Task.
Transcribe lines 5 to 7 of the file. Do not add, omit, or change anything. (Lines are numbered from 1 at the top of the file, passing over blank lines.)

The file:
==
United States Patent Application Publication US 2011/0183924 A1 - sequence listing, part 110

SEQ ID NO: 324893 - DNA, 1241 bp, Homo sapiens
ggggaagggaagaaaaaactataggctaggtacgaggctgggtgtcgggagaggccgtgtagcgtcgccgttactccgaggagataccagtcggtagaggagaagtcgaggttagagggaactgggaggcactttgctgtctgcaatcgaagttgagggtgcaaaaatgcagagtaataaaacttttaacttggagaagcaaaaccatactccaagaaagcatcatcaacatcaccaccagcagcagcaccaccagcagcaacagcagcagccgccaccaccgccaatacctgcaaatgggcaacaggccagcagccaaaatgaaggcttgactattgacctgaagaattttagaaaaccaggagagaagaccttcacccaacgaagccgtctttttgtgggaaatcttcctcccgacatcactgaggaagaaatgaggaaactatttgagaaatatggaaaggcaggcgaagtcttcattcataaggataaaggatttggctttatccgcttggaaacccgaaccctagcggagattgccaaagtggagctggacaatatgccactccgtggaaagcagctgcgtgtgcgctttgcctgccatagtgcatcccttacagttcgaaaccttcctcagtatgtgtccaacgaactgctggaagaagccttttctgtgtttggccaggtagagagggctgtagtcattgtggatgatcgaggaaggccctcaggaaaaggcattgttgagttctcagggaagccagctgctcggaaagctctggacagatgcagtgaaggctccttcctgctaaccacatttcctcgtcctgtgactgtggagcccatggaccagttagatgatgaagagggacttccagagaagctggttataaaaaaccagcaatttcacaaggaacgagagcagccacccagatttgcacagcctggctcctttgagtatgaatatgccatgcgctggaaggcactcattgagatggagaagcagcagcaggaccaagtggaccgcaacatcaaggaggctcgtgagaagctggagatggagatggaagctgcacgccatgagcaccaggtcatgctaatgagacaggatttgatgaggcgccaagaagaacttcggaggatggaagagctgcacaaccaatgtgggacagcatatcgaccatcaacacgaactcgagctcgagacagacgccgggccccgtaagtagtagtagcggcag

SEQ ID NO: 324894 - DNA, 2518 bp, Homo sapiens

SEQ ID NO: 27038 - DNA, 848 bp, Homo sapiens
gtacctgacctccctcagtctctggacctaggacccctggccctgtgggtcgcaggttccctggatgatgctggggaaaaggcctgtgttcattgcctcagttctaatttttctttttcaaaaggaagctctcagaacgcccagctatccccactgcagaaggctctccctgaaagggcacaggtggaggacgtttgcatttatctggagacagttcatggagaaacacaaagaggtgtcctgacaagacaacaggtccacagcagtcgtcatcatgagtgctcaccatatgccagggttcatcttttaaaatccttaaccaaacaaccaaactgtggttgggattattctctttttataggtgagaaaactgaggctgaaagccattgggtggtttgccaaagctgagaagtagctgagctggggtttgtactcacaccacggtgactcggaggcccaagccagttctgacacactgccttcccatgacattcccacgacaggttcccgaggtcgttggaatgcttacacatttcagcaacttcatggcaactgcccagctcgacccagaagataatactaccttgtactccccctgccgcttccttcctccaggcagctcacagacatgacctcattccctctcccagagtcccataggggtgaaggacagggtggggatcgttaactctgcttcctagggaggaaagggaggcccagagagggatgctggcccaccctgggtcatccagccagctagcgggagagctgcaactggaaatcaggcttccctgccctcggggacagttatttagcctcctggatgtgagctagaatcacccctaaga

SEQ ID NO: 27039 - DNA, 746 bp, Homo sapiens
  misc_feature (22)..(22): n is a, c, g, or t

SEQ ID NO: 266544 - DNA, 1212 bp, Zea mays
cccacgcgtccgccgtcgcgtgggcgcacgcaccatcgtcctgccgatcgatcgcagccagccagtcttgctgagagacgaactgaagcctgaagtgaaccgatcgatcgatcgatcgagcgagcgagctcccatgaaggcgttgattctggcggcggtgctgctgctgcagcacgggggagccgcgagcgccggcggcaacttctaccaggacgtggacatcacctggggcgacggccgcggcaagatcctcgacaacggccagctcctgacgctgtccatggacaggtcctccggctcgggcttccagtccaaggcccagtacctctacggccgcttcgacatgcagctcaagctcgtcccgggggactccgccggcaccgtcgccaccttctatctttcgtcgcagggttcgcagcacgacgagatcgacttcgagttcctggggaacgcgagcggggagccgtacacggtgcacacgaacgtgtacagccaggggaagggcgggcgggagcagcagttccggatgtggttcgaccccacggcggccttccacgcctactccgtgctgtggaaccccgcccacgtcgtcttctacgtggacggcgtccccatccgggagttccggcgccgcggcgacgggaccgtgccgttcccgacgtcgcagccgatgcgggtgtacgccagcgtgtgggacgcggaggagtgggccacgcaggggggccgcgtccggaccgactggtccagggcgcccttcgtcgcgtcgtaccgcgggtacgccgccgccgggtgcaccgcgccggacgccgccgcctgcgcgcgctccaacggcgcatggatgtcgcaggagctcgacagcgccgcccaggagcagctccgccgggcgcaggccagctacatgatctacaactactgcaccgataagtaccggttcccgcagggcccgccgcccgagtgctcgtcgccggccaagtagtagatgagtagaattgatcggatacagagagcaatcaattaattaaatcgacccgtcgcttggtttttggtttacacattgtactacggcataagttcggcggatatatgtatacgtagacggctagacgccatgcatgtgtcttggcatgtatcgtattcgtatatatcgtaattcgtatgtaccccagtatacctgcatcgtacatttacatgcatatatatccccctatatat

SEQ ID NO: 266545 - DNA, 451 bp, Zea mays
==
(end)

SEQ ID NO: 27038 - DNA, 848 bp, Homo sapiens
gtacctgacctccctcagtctctggacctaggacccctggccctgtgggtcgcaggttccctggatgatgctggggaaaaggcctgtgttcattgcctcagttctaatttttctttttcaaaaggaagctctcagaacgcccagctatccccactgcagaaggctctccctgaaagggcacaggtggaggacgtttgcatttatctggagacagttcatggagaaacacaaagaggtgtcctgacaagacaacaggtccacagcagtcgtcatcatgagtgctcaccatatgccagggttcatcttttaaaatccttaaccaaacaaccaaactgtggttgggattattctctttttataggtgagaaaactgaggctgaaagccattgggtggtttgccaaagctgagaagtagctgagctggggtttgtactcacaccacggtgactcggaggcccaagccagttctgacacactgccttcccatgacattcccacgacaggttcccgaggtcgttggaatgcttacacatttcagcaacttcatggcaactgcccagctcgacccagaagataatactaccttgtactccccctgccgcttccttcctccaggcagctcacagacatgacctcattccctctcccagagtcccataggggtgaaggacagggtggggatcgttaactctgcttcctagggaggaaagggaggcccagagagggatgctggcccaccctgggtcatccagccagctagcgggagagctgcaactggaaatcaggcttccctgccctcggggacagttatttagcctcctggatgtgagctagaatcacccctaaga

SEQ ID NO: 27039 - DNA, 746 bp, Homo sapiens